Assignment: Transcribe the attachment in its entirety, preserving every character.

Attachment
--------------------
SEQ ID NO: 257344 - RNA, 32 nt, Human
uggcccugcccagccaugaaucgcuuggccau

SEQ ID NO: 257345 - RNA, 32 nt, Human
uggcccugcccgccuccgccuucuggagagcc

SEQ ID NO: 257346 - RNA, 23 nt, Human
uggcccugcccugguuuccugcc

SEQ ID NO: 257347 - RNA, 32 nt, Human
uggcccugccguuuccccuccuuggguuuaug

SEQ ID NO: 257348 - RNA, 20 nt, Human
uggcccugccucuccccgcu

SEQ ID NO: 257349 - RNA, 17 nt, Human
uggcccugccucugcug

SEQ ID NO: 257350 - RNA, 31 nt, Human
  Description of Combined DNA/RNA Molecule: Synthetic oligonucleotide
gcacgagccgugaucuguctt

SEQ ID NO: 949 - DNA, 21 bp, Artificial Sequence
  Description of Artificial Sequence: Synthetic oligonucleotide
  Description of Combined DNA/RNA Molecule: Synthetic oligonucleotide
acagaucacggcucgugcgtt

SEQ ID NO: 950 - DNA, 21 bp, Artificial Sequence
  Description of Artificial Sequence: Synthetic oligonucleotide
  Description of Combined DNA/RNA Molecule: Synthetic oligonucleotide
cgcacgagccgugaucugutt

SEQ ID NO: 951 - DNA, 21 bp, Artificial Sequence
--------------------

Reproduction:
SEQ ID NO: 257344 - RNA, 32 nt, Human
uggcccugcccagccaugaaucgcuuggccau

SEQ ID NO: 257345 - RNA, 32 nt, Human
uggcccugcccgccuccgccuucuggagagcc

SEQ ID NO: 257346 - RNA, 23 nt, Human
uggcccugcccugguuuccugcc

SEQ ID NO: 257347 - RNA, 32 nt, Human
uggcccugccguuuccccuccuuggguuuaug

SEQ ID NO: 257348 - RNA, 20 nt, Human
uggcccugccucuccccgcu

SEQ ID NO: 257349 - RNA, 17 nt, Human
uggcccugccucugcug

SEQ ID NO: 257350 - RNA, 31 nt, Human
  Description of Combined DNA/RNA Molecule: Synthetic oligonucleotide
gcacgagccgugaucuguctt

SEQ ID NO: 949 - DNA, 21 bp, Artificial Sequence
  Description of Artificial Sequence: Synthetic oligonucleotide
  Description of Combined DNA/RNA Molecule: Synthetic oligonucleotide
acagaucacggcucgugcgtt

SEQ ID NO: 950 - DNA, 21 bp, Artificial Sequence
  Description of Artificial Sequence: Synthetic oligonucleotide
  Description of Combined DNA/RNA Molecule: Synthetic oligonucleotide
cgcacgagccgugaucugutt

SEQ ID NO: 951 - DNA, 21 bp, Artificial Sequence